Chronic eustachian tube dysfunction prevails in 1% of the adult population and can predispose to middle ear disease. There are subjective and objective features of this condition that can affect quality of life. The common methods to treat eustachian tube dysfunction, such as grommets and decongestants often fail or provide only short-term benefits. In this prospective study, the authors evaluated the outcome of balloon eustachian tuboplasty in 11 adult patients using Bielefeld catheter applying pressure for 120 seconds. Previous CT scans excluded the possibility of aberrant internal carotid artery. Subjective results were assessed by Eustachian Tube Dysfunction Questionnaire (ETDQ-7) which scored on pain, pressure, clogged feeling, cold and sinusitis symptoms, popping, ringing and muffled hearing. The results showed a statistically significant improvement after the procedure. The objective results were assessed with tympanometry and audiometry but there was no significant improvement. The authors contend that objective abnormality and subjective symptoms may represent two separate pathological processes which may influence or exacerbate each other, such as respiratory and cardiac disease in patients with breathlessness. Association of eustachian tube dysfunction with Menière’s disease has also been discussed. Though small in patient numbers and length of follow-up, the article is interesting reading for a common but poorly defined problem.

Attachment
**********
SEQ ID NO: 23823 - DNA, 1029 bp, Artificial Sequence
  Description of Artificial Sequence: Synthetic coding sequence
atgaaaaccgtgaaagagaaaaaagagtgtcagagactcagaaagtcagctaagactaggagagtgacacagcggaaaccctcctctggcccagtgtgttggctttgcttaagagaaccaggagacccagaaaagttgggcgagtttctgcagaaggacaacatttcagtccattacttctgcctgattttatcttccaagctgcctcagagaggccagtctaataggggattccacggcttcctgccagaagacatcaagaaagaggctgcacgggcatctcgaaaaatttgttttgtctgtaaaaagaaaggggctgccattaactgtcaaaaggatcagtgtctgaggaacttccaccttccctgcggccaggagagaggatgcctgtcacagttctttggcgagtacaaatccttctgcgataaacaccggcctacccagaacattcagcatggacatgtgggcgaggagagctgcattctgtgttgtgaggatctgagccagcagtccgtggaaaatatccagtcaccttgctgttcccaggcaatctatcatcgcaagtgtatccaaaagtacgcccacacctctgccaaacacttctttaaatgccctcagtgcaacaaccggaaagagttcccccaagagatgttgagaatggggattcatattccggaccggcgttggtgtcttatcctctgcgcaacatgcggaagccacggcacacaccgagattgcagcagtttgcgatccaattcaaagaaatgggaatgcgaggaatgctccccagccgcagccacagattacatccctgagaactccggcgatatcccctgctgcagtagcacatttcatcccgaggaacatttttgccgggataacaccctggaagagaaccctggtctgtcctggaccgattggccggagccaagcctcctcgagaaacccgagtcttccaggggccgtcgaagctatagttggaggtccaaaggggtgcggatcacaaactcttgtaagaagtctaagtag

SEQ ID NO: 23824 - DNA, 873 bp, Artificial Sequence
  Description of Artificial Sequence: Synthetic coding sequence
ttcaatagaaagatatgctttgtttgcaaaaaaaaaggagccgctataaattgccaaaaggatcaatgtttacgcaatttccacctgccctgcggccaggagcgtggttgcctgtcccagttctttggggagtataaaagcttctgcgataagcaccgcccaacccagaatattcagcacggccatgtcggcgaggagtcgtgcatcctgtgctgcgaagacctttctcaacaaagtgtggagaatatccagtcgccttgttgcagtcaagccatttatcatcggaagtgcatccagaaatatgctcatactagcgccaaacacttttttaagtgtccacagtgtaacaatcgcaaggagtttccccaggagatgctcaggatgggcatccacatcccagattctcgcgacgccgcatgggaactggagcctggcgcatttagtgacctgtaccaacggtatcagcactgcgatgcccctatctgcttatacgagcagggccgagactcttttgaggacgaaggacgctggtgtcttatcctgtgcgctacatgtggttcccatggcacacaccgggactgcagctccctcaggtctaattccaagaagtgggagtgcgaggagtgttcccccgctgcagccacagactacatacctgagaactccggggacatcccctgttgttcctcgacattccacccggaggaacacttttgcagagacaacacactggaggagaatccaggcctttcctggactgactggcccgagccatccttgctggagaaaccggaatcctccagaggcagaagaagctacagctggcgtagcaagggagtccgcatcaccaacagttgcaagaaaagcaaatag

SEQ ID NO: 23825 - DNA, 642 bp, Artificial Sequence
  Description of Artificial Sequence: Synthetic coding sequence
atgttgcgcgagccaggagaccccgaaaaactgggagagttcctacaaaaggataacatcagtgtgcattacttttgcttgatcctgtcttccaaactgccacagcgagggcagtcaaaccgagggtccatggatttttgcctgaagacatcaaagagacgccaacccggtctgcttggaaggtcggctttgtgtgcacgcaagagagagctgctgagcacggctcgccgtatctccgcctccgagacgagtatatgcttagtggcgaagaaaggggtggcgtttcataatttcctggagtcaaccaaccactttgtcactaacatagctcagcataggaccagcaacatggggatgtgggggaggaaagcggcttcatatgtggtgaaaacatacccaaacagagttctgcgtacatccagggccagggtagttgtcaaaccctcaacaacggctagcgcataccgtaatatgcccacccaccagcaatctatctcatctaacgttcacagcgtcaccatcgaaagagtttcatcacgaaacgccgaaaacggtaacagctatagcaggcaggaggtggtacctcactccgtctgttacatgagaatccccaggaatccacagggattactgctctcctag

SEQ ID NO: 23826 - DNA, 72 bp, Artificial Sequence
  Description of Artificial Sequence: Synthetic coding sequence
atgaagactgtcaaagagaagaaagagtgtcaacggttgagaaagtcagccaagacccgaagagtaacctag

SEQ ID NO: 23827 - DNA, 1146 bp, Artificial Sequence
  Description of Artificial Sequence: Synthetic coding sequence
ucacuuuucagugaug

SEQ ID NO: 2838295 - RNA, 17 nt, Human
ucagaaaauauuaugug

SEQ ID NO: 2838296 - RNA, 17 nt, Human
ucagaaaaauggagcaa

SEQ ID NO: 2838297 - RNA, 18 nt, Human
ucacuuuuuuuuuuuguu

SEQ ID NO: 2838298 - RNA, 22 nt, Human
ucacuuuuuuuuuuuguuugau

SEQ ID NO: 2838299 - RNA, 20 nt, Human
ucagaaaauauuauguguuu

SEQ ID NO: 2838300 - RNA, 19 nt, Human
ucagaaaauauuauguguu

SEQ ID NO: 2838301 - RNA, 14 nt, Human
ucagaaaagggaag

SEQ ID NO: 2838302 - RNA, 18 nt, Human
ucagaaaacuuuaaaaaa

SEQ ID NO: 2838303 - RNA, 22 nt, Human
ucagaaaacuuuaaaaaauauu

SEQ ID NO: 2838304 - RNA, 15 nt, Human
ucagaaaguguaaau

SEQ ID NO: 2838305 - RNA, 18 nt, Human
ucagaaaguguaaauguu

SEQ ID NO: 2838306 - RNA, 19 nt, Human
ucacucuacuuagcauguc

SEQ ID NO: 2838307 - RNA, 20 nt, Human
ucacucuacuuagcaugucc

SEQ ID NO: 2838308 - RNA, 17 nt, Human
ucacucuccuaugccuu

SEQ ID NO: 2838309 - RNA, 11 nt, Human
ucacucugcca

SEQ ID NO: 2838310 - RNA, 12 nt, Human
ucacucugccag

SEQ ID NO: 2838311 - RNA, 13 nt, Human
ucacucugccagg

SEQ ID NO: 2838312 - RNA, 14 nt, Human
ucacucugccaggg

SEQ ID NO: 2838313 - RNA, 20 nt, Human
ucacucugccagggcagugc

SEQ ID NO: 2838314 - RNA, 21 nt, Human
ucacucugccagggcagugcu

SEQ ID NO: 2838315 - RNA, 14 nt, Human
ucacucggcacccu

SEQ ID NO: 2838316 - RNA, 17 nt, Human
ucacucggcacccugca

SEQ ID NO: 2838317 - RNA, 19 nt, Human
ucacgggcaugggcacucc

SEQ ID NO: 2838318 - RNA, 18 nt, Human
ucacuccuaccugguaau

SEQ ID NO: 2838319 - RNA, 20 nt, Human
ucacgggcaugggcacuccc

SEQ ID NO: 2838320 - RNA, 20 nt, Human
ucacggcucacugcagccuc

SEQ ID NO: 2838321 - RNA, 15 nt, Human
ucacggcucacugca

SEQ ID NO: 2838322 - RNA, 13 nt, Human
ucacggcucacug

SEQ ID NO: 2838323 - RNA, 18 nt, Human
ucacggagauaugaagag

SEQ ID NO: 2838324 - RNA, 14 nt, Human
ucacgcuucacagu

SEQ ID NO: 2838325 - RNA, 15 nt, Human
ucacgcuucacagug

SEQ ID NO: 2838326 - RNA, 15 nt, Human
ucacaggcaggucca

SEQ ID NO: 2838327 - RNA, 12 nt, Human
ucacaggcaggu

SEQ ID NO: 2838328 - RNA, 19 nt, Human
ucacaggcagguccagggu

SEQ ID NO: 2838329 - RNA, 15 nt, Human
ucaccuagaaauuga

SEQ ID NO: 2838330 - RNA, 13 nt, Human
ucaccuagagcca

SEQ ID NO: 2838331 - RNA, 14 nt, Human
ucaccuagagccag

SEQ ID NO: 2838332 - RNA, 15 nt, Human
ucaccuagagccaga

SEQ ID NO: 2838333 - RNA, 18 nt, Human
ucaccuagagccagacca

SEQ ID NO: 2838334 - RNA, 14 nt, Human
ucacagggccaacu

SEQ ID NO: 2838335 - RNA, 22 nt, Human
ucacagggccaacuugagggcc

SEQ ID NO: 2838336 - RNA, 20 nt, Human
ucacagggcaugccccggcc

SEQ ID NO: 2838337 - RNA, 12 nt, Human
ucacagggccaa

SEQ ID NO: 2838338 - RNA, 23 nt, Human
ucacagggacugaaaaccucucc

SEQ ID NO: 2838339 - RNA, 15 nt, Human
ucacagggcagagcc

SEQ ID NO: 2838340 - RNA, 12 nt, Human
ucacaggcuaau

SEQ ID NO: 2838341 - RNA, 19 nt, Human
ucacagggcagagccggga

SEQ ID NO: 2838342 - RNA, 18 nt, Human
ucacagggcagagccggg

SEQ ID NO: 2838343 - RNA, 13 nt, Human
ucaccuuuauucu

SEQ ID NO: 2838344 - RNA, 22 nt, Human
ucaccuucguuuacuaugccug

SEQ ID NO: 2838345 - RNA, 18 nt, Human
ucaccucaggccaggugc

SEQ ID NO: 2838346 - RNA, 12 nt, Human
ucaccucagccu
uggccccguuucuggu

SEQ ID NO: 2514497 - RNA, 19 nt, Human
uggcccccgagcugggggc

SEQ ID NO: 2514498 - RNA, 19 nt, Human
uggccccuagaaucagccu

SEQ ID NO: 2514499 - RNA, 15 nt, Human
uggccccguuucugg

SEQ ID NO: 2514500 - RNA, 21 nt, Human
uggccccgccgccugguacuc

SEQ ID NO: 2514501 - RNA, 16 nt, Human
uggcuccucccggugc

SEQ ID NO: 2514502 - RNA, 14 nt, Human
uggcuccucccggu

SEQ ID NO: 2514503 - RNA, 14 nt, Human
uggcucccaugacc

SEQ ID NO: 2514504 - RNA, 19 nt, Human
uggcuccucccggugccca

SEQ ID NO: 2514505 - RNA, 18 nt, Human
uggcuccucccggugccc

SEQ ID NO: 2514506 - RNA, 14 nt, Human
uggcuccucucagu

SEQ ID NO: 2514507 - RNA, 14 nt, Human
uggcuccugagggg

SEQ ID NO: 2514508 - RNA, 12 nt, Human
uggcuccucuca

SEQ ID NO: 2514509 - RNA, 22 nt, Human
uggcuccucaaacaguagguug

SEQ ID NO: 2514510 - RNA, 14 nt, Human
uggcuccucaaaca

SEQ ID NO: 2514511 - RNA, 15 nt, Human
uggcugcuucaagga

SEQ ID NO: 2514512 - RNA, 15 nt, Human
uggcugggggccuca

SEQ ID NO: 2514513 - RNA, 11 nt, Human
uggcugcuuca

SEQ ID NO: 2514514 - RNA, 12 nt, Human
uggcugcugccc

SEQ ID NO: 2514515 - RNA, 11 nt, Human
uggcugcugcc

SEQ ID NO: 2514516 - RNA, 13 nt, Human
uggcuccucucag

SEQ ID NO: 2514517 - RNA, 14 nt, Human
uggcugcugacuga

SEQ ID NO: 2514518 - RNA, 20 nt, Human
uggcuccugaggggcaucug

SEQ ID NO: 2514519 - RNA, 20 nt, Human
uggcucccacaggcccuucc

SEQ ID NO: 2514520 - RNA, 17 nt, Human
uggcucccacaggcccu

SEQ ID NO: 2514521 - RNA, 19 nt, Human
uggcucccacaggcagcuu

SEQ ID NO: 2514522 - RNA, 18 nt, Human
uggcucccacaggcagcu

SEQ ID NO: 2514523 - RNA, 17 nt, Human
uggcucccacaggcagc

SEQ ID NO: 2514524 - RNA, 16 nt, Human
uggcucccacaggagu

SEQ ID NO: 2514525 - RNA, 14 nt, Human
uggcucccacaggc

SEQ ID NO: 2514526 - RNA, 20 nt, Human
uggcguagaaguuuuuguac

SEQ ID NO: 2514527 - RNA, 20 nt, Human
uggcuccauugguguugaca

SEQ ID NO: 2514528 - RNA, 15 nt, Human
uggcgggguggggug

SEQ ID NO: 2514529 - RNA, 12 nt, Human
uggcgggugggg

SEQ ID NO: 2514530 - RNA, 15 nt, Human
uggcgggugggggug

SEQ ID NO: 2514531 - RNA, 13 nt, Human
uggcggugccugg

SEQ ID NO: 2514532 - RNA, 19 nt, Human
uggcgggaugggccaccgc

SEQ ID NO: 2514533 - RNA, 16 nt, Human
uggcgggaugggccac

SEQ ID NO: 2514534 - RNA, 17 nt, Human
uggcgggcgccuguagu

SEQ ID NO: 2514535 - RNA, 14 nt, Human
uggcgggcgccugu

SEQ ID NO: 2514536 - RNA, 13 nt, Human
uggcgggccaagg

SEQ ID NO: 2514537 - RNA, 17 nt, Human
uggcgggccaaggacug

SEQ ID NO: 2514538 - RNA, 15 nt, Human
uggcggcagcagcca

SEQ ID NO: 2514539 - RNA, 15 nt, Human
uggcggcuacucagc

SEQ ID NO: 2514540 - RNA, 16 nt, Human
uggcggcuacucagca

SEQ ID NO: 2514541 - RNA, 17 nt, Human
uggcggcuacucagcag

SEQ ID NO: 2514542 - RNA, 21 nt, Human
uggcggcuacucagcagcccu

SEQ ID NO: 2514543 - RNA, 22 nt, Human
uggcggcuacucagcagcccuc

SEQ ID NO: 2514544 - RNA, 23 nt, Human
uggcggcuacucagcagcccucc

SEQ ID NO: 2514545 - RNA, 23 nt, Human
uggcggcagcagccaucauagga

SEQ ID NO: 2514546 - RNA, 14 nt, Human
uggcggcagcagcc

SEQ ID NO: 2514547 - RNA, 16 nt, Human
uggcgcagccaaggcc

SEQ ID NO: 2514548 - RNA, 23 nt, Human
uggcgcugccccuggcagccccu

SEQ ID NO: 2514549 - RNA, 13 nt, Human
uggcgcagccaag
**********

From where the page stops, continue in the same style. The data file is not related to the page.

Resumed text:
Balloon Eustachian tuboplasty treatment of longstanding Eustachian tube dysfunction.
Singh T, Taneja V, Kulendra K, Farr M, Robinson J and Rejali D.
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Madhup K Chaurasia

Mid and South Essex NHS Foundation Trust, UK.

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